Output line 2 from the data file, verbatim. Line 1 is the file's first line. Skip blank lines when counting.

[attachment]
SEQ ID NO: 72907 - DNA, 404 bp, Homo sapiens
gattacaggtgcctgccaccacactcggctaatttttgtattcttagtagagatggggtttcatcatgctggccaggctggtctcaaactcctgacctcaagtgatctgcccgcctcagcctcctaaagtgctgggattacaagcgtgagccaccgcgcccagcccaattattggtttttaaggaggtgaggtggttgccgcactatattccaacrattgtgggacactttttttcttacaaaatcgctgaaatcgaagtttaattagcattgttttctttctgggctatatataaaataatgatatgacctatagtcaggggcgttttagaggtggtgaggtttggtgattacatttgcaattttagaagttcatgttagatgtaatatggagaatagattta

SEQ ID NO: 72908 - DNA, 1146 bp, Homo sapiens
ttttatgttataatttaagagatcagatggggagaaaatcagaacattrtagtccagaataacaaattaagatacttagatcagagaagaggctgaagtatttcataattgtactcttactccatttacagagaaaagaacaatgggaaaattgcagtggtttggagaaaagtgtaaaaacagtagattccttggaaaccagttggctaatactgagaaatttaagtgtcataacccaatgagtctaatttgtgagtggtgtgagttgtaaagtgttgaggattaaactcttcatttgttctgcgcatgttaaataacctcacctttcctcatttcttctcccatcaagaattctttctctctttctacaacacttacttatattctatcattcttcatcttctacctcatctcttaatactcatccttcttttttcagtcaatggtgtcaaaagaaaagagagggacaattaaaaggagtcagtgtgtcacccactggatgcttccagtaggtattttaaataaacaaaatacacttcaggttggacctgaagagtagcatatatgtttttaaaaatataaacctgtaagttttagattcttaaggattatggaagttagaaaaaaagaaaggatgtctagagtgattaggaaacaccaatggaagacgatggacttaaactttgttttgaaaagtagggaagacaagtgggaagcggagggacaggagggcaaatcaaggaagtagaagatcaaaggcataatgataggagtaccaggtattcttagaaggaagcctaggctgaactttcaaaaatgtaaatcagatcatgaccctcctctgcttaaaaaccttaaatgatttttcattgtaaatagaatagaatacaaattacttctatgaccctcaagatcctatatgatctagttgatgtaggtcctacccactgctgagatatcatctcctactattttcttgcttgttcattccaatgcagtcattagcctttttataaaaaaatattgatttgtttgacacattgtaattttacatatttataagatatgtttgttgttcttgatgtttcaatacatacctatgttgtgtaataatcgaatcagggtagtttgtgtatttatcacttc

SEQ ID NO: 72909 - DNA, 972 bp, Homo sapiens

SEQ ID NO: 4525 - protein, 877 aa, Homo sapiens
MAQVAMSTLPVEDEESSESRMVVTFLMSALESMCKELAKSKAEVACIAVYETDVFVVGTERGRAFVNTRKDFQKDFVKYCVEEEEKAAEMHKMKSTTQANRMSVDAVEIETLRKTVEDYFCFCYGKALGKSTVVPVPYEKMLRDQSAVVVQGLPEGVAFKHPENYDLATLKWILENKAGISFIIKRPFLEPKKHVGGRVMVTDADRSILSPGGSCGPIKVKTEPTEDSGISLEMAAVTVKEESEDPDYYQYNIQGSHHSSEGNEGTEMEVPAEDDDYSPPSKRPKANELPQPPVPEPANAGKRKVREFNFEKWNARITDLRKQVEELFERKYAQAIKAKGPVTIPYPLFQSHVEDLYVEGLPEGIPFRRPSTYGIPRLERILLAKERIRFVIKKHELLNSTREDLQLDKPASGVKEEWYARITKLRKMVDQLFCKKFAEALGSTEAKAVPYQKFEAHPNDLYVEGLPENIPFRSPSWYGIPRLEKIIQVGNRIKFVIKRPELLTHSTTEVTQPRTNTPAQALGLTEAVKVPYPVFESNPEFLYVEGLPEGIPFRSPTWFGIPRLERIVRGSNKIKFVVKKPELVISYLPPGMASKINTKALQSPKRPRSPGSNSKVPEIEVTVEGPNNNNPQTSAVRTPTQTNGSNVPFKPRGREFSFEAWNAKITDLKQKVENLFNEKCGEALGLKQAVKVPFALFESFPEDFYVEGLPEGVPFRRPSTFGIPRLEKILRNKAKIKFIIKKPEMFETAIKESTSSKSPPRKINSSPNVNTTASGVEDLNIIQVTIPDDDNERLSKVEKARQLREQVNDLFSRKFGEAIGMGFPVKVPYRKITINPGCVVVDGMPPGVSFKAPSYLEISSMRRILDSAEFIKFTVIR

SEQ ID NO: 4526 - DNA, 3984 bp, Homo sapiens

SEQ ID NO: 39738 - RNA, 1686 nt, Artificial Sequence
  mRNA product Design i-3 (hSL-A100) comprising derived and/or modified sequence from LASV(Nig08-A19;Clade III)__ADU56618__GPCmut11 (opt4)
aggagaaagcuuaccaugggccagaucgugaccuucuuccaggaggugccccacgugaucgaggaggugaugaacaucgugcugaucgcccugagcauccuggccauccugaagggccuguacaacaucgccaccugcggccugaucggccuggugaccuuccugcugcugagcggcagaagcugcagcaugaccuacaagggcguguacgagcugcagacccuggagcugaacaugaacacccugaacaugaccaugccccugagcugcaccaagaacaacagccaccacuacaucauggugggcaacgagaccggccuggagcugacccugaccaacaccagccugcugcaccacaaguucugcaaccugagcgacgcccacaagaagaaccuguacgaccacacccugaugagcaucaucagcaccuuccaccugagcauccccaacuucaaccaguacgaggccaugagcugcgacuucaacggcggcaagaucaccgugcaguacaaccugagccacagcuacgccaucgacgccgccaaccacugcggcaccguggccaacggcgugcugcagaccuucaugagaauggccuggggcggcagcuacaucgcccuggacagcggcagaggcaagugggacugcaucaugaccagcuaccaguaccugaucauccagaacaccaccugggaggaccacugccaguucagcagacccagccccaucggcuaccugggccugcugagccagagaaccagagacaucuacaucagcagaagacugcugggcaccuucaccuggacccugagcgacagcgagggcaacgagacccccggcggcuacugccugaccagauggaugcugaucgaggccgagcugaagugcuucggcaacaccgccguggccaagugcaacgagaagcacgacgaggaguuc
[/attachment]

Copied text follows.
gattacaggtgcctgccaccacactcggctaatttttgtattcttagtagagatggggtttcatcatgctggccaggctggtctcaaactcctgacctcaagtgatctgcccgcctcagcctcctaaagtgctgggattacaagcgtgagccaccgcgcccagcccaattattggtttttaaggaggtgaggtggttgccgcactatattccaacrattgtgggacactttttttcttacaaaatcgctgaaatcgaagtttaattagcattgttttctttctgggctatatataaaataatgatatgacctatagtcaggggcgttttagaggtggtgaggtttggtgattacatttgcaattttagaagttcatgttagatgtaatatggagaatagattta